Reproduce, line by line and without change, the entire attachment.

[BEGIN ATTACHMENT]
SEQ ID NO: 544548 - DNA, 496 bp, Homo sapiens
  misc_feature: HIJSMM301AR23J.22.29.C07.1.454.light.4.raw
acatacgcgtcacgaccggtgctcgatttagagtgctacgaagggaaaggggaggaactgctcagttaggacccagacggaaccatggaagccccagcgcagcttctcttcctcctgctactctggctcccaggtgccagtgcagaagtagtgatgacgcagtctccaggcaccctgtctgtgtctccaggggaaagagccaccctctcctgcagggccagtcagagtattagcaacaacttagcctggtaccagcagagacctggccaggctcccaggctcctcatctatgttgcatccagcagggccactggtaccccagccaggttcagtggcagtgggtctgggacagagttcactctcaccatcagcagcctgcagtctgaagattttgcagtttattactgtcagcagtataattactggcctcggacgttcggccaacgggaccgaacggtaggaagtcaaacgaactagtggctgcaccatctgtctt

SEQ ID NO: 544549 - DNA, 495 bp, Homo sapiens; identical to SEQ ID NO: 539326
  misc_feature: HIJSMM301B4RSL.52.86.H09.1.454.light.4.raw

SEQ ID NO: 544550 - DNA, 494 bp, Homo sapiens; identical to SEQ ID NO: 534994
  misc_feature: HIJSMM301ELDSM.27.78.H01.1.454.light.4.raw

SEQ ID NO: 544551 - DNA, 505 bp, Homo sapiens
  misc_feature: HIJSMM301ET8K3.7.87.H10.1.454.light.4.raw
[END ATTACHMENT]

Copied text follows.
SEQ ID NO: 544548 - DNA, 496 bp, Homo sapiens
  misc_feature: HIJSMM301AR23J.22.29.C07.1.454.light.4.raw
acatacgcgtcacgaccggtgctcgatttagagtgctacgaagggaaaggggaggaactgctcagttaggacccagacggaaccatggaagccccagcgcagcttctcttcctcctgctactctggctcccaggtgccagtgcagaagtagtgatgacgcagtctccaggcaccctgtctgtgtctccaggggaaagagccaccctctcctgcagggccagtcagagtattagcaacaacttagcctggtaccagcagagacctggccaggctcccaggctcctcatctatgttgcatccagcagggccactggtaccccagccaggttcagtggcagtgggtctgggacagagttcactctcaccatcagcagcctgcagtctgaagattttgcagtttattactgtcagcagtataattactggcctcggacgttcggccaacgggaccgaacggtaggaagtcaaacgaactagtggctgcaccatctgtctt

SEQ ID NO: 544549 - DNA, 495 bp, Homo sapiens; identical to SEQ ID NO: 539326
  misc_feature: HIJSMM301B4RSL.52.86.H09.1.454.light.4.raw

SEQ ID NO: 544550 - DNA, 494 bp, Homo sapiens; identical to SEQ ID NO: 534994
  misc_feature: HIJSMM301ELDSM.27.78.H01.1.454.light.4.raw

SEQ ID NO: 544551 - DNA, 505 bp, Homo sapiens
  misc_feature: HIJSMM301ET8K3.7.87.H10.1.454.light.4.raw